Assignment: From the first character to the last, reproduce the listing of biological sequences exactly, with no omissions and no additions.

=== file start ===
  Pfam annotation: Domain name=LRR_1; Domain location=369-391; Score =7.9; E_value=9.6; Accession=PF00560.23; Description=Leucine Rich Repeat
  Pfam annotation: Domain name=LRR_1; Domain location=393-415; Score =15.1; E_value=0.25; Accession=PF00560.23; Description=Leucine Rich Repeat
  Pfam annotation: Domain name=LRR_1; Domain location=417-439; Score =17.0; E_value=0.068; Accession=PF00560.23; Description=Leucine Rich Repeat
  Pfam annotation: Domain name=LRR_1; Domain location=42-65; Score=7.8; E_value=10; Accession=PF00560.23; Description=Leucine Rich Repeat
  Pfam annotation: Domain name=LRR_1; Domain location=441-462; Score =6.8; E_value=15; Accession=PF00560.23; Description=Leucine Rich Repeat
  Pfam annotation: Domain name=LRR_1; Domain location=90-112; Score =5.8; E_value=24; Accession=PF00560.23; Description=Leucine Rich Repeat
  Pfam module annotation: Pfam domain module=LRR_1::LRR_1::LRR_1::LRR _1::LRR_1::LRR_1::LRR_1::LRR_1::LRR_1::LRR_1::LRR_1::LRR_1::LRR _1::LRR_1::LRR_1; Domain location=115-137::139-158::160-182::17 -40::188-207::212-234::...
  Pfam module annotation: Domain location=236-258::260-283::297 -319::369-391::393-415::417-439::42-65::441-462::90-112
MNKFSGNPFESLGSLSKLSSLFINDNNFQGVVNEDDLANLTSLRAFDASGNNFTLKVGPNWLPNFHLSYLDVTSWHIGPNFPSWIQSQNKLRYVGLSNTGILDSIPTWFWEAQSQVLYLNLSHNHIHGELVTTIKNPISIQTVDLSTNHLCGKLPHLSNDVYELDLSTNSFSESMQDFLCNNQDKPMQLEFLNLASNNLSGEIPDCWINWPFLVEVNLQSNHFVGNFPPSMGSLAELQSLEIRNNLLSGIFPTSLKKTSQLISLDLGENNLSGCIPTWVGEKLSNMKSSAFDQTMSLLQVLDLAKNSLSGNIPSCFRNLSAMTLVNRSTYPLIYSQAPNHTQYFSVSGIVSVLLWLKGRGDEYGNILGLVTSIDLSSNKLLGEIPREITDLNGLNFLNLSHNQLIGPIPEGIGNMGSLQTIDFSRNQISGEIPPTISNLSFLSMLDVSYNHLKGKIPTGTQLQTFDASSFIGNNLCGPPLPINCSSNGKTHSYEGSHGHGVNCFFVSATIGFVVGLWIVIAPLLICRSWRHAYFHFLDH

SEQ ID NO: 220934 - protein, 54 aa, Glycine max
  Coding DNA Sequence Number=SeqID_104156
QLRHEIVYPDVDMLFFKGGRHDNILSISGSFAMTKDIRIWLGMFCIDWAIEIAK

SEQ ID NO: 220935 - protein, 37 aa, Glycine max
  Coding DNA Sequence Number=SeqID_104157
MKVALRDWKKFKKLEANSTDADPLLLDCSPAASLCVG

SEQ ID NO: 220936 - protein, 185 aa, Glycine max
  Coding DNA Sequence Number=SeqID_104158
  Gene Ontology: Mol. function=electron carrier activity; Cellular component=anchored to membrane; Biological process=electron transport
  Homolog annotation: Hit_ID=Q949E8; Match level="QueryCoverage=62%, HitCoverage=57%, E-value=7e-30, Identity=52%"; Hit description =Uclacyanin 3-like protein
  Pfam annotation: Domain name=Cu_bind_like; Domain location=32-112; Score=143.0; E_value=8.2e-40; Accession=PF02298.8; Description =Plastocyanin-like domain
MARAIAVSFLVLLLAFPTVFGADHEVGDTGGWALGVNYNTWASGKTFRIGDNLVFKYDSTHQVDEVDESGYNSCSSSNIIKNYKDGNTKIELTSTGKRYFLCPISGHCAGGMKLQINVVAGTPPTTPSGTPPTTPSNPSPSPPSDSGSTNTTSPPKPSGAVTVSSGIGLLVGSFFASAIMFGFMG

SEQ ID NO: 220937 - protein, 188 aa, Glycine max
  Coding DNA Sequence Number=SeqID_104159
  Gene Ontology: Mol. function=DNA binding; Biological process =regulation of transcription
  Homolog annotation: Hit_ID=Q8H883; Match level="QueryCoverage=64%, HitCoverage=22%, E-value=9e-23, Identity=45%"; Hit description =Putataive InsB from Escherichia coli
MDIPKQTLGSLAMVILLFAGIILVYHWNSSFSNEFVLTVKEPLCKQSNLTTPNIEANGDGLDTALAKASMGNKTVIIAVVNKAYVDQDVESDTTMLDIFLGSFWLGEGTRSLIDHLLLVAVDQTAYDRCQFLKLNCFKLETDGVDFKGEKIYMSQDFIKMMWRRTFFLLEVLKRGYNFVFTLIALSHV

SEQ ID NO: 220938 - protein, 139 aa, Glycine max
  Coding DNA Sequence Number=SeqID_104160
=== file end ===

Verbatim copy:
  Pfam annotation: Domain name=LRR_1; Domain location=369-391; Score =7.9; E_value=9.6; Accession=PF00560.23; Description=Leucine Rich Repeat
  Pfam annotation: Domain name=LRR_1; Domain location=393-415; Score =15.1; E_value=0.25; Accession=PF00560.23; Description=Leucine Rich Repeat
  Pfam annotation: Domain name=LRR_1; Domain location=417-439; Score =17.0; E_value=0.068; Accession=PF00560.23; Description=Leucine Rich Repeat
  Pfam annotation: Domain name=LRR_1; Domain location=42-65; Score=7.8; E_value=10; Accession=PF00560.23; Description=Leucine Rich Repeat
  Pfam annotation: Domain name=LRR_1; Domain location=441-462; Score =6.8; E_value=15; Accession=PF00560.23; Description=Leucine Rich Repeat
  Pfam annotation: Domain name=LRR_1; Domain location=90-112; Score =5.8; E_value=24; Accession=PF00560.23; Description=Leucine Rich Repeat
  Pfam module annotation: Pfam domain module=LRR_1::LRR_1::LRR_1::LRR _1::LRR_1::LRR_1::LRR_1::LRR_1::LRR_1::LRR_1::LRR_1::LRR_1::LRR _1::LRR_1::LRR_1; Domain location=115-137::139-158::160-182::17 -40::188-207::212-234::...
  Pfam module annotation: Domain location=236-258::260-283::297 -319::369-391::393-415::417-439::42-65::441-462::90-112
MNKFSGNPFESLGSLSKLSSLFINDNNFQGVVNEDDLANLTSLRAFDASGNNFTLKVGPNWLPNFHLSYLDVTSWHIGPNFPSWIQSQNKLRYVGLSNTGILDSIPTWFWEAQSQVLYLNLSHNHIHGELVTTIKNPISIQTVDLSTNHLCGKLPHLSNDVYELDLSTNSFSESMQDFLCNNQDKPMQLEFLNLASNNLSGEIPDCWINWPFLVEVNLQSNHFVGNFPPSMGSLAELQSLEIRNNLLSGIFPTSLKKTSQLISLDLGENNLSGCIPTWVGEKLSNMKSSAFDQTMSLLQVLDLAKNSLSGNIPSCFRNLSAMTLVNRSTYPLIYSQAPNHTQYFSVSGIVSVLLWLKGRGDEYGNILGLVTSIDLSSNKLLGEIPREITDLNGLNFLNLSHNQLIGPIPEGIGNMGSLQTIDFSRNQISGEIPPTISNLSFLSMLDVSYNHLKGKIPTGTQLQTFDASSFIGNNLCGPPLPINCSSNGKTHSYEGSHGHGVNCFFVSATIGFVVGLWIVIAPLLICRSWRHAYFHFLDH

SEQ ID NO: 220934 - protein, 54 aa, Glycine max
  Coding DNA Sequence Number=SeqID_104156
QLRHEIVYPDVDMLFFKGGRHDNILSISGSFAMTKDIRIWLGMFCIDWAIEIAK

SEQ ID NO: 220935 - protein, 37 aa, Glycine max
  Coding DNA Sequence Number=SeqID_104157
MKVALRDWKKFKKLEANSTDADPLLLDCSPAASLCVG

SEQ ID NO: 220936 - protein, 185 aa, Glycine max
  Coding DNA Sequence Number=SeqID_104158
  Gene Ontology: Mol. function=electron carrier activity; Cellular component=anchored to membrane; Biological process=electron transport
  Homolog annotation: Hit_ID=Q949E8; Match level="QueryCoverage=62%, HitCoverage=57%, E-value=7e-30, Identity=52%"; Hit description =Uclacyanin 3-like protein
  Pfam annotation: Domain name=Cu_bind_like; Domain location=32-112; Score=143.0; E_value=8.2e-40; Accession=PF02298.8; Description =Plastocyanin-like domain
MARAIAVSFLVLLLAFPTVFGADHEVGDTGGWALGVNYNTWASGKTFRIGDNLVFKYDSTHQVDEVDESGYNSCSSSNIIKNYKDGNTKIELTSTGKRYFLCPISGHCAGGMKLQINVVAGTPPTTPSGTPPTTPSNPSPSPPSDSGSTNTTSPPKPSGAVTVSSGIGLLVGSFFASAIMFGFMG

SEQ ID NO: 220937 - protein, 188 aa, Glycine max
  Coding DNA Sequence Number=SeqID_104159
  Gene Ontology: Mol. function=DNA binding; Biological process =regulation of transcription
  Homolog annotation: Hit_ID=Q8H883; Match level="QueryCoverage=64%, HitCoverage=22%, E-value=9e-23, Identity=45%"; Hit description =Putataive InsB from Escherichia coli
MDIPKQTLGSLAMVILLFAGIILVYHWNSSFSNEFVLTVKEPLCKQSNLTTPNIEANGDGLDTALAKASMGNKTVIIAVVNKAYVDQDVESDTTMLDIFLGSFWLGEGTRSLIDHLLLVAVDQTAYDRCQFLKLNCFKLETDGVDFKGEKIYMSQDFIKMMWRRTFFLLEVLKRGYNFVFTLIALSHV

SEQ ID NO: 220938 - protein, 139 aa, Glycine max
  Coding DNA Sequence Number=SeqID_104160